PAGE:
The Impact of the EU Takeover Directive on Takeover Performance and Empire Building
University of New South Wales - Australian School of Business; Financial Research Network (FIRN)
January 27, 2012
Journal of Corporate Finance, Vol. 18, No. 2, 2012
UNSW Australian School of Business Research Paper
This paper uses the EU Takeover Directive as a natural experiment to test when legal harmonization creates value, and to examine the impact of increased entrenchment on investment decisions. The EU promulgated the Takeover Directive in April 2004. The implementation deadline was May 2006. The goal was to encourage value-creating takeovers by harmonizing takeover laws across the EU. However, the takeover directive has received criticism for being vague and discretionary, and for entrenching managers. I hypothesize that because the directive hinders takeovers, it might increase managerial entrenchment and enable managers of EU-companies to make agency-motivated investments (or simply exercise less discipline). I find supportive evidence: after the directive, EU-companies make investments that are less profitable (as proxied by takeover returns) and that take longer to compete. Further, asset growth increased in treated companies following the takeover directive, suggesting that the additional entrenchment facilitates empire building.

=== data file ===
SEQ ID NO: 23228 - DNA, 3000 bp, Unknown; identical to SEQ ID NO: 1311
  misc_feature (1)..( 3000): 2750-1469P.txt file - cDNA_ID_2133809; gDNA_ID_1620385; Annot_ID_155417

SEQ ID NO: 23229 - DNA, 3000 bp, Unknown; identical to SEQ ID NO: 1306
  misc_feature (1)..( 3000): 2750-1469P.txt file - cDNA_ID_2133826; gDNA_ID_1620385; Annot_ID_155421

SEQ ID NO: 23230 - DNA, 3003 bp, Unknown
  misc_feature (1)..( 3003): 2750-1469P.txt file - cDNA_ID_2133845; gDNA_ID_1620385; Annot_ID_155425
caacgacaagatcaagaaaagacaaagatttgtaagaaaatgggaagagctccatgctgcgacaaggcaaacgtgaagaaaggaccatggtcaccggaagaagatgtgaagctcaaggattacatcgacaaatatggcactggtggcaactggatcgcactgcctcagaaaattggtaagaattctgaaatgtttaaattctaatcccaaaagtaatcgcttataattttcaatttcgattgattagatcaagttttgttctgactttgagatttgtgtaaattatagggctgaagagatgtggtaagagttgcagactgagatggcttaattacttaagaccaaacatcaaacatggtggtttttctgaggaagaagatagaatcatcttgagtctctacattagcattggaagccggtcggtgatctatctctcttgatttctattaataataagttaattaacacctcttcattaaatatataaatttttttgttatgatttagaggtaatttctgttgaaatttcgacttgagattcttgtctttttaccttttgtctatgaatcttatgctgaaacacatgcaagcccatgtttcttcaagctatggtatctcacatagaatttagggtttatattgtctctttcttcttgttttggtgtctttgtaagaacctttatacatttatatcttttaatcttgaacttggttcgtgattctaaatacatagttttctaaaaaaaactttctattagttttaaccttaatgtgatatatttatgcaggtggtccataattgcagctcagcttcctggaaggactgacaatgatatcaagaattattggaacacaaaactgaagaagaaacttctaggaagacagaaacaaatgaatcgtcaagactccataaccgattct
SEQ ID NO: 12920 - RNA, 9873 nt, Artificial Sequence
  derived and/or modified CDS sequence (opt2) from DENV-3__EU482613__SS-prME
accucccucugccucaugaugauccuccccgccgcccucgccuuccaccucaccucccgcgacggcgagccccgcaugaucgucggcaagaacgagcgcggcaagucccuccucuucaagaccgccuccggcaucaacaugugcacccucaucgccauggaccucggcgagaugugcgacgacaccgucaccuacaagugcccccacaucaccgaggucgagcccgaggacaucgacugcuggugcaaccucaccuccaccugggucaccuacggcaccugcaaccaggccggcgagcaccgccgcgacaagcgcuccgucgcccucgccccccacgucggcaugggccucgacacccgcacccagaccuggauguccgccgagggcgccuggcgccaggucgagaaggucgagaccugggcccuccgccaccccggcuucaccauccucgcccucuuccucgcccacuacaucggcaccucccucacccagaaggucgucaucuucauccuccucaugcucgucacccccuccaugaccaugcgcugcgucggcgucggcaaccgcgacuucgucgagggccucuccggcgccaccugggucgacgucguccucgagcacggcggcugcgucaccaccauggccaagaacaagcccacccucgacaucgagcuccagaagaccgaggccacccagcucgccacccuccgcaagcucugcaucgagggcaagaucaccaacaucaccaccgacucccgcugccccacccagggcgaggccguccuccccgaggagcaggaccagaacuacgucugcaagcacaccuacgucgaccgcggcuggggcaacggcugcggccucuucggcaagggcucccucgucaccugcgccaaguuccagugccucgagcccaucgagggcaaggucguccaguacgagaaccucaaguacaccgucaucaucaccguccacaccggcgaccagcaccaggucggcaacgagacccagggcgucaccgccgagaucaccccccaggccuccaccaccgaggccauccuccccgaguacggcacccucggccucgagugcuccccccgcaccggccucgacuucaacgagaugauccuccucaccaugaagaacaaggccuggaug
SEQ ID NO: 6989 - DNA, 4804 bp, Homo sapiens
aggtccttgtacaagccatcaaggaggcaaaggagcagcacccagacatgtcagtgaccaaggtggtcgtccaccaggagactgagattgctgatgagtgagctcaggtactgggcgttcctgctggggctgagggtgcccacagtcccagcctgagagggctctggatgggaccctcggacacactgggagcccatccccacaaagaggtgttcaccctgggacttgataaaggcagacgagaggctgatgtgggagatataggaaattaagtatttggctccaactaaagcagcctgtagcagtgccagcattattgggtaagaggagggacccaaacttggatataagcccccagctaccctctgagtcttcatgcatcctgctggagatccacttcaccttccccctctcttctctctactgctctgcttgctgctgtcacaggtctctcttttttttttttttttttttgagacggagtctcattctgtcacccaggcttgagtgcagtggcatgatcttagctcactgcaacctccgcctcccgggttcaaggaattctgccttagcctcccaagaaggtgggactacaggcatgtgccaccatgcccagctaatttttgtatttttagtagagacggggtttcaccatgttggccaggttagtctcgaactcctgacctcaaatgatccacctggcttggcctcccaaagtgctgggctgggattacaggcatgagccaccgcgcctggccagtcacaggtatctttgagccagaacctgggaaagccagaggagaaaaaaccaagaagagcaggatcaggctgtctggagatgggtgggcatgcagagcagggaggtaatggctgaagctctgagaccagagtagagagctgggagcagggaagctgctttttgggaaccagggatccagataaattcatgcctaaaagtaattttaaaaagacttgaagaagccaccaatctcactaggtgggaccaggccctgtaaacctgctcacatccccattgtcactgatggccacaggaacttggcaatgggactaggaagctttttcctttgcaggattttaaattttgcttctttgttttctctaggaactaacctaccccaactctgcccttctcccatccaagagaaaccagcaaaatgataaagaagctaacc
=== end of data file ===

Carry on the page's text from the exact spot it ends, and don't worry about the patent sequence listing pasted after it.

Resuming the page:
Number of Pages in PDF File: 52
Keywords: Takeover Directive,Takeovers, Legal Harmonization, European Union, Entrenchment
JEL Classification: G34, G38, K22Accepted Paper Series
Date posted: January 29, 2012 ; Last revised: November 13, 2012
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